A middle-sized river with sandy and grassy banks flows under a bridge

Map[edit]

Map of North America showing all rivers on this list

See also[edit]

Notes and references[edit]

Notes
  1. ^ Dams, diversions for agriculture, and other human alterations to rivers have greatly affected the discharge of some rivers over time. For example, the virgin discharge of the Colorado River is estimated to have been 20,000 ft3/s (566 m3/s) compared to 1,400 ft3/s (~40 m3/s) in 2005.[10]
  2. ^ Of the total, 10,700 mi2 (28,000 km2), about two percent of the basin, is in Canada.[6][7]
  3. ^ Kammerer: 76,200 ft3/s (2,160 m3/s).[16]
  4. ^ Kammerer: 2,340 mi (3,770 km).[16] The Atlas of Canada: 2,348 mi (3,779 km).[6]
  5. ^ Of the total, 10,700 mi2 (27,800 km2), about two percent of the basin, is in Canada.[6][7]
  6. ^ Of this total, 714 mi (1,149 km) are in Canada. This amounts to about 36 percent of the main-stem length.[6]
  7. ^ The Atlas of Canada also lists the total basin size at 324,000 mi2 (839,200 km2), split between 125,000 mi2 (323,800 km2), about 39 percent, in Canada and 199,000 mi2 (515,400 km2), about 61 percent, in the United States.[6]
  8. ^ Kammerer: 1,900 mi (3,100 km).[16] University of Texas (UT): 1,799 mi (2,895 km).[24] The river forms the U.S.–Mexico border for 1.251 mi (2,013 km) (about 70 percent of its main-stem length) from El Paso to the Gulf of Mexico.[24]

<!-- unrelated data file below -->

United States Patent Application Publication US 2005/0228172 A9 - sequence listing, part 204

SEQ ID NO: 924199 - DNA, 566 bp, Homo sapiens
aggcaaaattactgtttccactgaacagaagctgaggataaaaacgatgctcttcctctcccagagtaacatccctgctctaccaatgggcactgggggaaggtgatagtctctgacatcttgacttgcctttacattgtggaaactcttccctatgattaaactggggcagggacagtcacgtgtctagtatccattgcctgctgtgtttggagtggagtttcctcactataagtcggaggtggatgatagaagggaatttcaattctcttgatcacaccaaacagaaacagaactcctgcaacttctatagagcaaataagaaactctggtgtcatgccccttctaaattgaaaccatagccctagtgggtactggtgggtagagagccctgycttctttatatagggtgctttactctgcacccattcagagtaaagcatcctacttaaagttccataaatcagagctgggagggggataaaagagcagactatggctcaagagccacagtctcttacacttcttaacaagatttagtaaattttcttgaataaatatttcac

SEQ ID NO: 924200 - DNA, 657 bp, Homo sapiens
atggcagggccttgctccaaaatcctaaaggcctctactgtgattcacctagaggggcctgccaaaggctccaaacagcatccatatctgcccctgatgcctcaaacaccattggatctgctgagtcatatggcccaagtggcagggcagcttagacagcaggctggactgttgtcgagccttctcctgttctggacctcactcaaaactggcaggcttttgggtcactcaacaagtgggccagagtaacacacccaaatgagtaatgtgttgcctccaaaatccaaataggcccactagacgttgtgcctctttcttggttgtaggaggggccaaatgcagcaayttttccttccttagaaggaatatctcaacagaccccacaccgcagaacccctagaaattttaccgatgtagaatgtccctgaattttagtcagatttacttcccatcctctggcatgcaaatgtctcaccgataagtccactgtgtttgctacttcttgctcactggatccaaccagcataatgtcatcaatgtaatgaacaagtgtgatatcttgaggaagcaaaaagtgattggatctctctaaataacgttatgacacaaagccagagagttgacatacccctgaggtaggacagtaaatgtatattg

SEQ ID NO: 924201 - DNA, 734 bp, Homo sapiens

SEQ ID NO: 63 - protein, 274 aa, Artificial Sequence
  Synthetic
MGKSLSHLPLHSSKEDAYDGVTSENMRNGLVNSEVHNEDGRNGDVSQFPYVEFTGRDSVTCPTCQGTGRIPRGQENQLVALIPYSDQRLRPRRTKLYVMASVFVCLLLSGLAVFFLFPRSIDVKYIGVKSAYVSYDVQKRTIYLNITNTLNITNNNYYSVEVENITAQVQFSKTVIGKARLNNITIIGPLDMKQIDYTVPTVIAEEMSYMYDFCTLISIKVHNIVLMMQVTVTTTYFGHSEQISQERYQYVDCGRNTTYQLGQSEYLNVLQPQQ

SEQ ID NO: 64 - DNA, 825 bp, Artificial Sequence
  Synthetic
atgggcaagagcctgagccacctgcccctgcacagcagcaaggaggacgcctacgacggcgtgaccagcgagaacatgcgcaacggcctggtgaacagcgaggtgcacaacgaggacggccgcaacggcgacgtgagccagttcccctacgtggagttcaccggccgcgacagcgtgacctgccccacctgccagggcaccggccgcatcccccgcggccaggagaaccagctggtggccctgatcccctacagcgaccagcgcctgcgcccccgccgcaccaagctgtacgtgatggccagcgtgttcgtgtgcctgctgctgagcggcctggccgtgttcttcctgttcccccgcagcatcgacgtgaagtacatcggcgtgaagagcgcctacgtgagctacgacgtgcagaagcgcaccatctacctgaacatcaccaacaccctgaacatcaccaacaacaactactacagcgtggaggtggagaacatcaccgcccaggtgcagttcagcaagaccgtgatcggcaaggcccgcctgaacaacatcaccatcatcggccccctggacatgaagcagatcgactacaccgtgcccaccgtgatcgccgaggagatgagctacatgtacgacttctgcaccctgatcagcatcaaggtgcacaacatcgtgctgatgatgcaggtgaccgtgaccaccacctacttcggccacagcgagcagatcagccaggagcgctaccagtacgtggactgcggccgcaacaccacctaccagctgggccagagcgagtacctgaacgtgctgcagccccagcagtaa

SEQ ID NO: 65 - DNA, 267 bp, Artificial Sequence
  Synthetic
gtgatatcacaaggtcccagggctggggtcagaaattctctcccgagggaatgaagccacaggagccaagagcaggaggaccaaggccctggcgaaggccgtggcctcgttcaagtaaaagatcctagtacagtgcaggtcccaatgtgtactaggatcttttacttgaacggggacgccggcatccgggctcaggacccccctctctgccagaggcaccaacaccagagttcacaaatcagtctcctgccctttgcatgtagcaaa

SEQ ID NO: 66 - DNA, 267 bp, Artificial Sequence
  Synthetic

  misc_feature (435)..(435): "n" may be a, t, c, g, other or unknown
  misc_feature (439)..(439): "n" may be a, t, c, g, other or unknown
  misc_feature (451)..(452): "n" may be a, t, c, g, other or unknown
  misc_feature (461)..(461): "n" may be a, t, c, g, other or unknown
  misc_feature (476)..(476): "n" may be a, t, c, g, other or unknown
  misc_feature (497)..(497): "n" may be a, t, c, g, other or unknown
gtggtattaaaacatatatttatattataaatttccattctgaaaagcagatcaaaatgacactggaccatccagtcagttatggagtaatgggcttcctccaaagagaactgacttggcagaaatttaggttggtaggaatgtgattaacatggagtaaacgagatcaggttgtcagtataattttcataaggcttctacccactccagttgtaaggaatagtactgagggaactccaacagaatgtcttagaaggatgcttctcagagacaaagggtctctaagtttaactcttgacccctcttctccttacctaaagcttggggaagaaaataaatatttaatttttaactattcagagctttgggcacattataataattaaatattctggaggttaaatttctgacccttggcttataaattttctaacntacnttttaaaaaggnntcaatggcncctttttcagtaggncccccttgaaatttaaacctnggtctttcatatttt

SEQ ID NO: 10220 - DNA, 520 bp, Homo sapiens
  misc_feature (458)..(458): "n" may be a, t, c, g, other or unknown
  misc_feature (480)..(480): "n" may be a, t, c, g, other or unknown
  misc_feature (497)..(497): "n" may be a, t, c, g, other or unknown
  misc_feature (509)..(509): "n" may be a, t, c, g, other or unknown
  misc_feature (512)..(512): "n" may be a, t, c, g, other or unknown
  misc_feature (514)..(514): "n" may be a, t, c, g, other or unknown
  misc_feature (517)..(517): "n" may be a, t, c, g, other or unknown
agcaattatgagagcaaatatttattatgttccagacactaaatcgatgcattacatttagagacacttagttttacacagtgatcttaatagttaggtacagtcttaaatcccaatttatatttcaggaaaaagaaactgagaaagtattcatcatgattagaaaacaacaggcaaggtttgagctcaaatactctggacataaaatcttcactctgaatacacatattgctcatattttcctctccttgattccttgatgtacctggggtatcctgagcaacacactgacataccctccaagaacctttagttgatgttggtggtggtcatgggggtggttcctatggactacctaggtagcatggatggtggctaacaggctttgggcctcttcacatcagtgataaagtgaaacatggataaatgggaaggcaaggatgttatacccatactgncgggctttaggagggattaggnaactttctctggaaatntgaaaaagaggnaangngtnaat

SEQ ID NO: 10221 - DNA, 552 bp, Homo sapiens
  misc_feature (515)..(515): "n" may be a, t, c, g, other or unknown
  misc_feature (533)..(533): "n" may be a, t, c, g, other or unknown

9. ^ Rivers of North America says that of this total only about 170,000 mi2 (450,000 km2) of the basin contribute water to the river.[26] The University of Texas (UT) says, "The river collects rain, snowmelt and spring water from an area [of] about 215,338 km2 [557,722 km2] including closed basins."[24] It says that 87,020 mi2 (225,380 km2) of the basin (about 48 percent), not counting closed basins, are in Mexico, while 93,821 mi2 (242,994 km2) (about 52 percent) are in the United States.[24] Kammerer cites a total basin size of 336,000 mi2 (870,000 km2).[16]
  10. ^ According to the Utah Division of Water Resources, 75 mi (121 km) of the river are in Mexico. This amounts to about 5 percent of the main-stem length.[27] Of this, 17 mi (27 km) form the border between Mexico and the United States.[28]
  11. ^ The United Nations Environment Programme cites a total basin size of 246,000 mi2 (637,000 km2), split between 2,000 mi2 (5,200 km2) (about 1 percent) in Mexico and 244,000 mi2 (632,000 km2) (about 99 percent) in the United States.[28]
  12. ^ Derived by subtracting the length of the East Fork Arkansas River of roughly 16 mi (26 km)[31] from Kammerer's total of 1,459 mi (2,348 km).[16]
  13. ^ About 498 mi (801 km) are in Canada.[6] This amounts to about 40 percent of the main-stem length.
  14. ^ The Atlas of Canada lists the total watershed at 259,200 mi2 (671,300 km2), split between 39,700 mi2 (102,800 km2) (about 15 percent) in Canada and 219,500 mi2 (568,500 km2) (about 85 percent) in the United States.[6] Kammerer's figure for the total watershed is 265,000 mi2 (690,000 km2).[16]
  15. ^ This is the combined length, 1,360 mi (2,190 km),[37] of the main stem, Prairie Dog Town Fork Red River, and Tierra Blanca Creek minus the lengths of the latter two, 160 mi (260 km)[38] and 75 mi (121 km).[39] Kammerer gives the length as 1,290 mi (2,080 km).[16]
  16. ^ Kammerer: 93,200 mi2.[16]
  17. ^ Kammerer: 56,000 ft3/s (1,600 m3)[16]
  18. ^ Also known as the Dakota River or Jim River and not to be confused with the James River of Virginia.
  19. ^ This is the average discharge for the years 1982–94, derived by adding the discharge for each of these years and dividing by 13.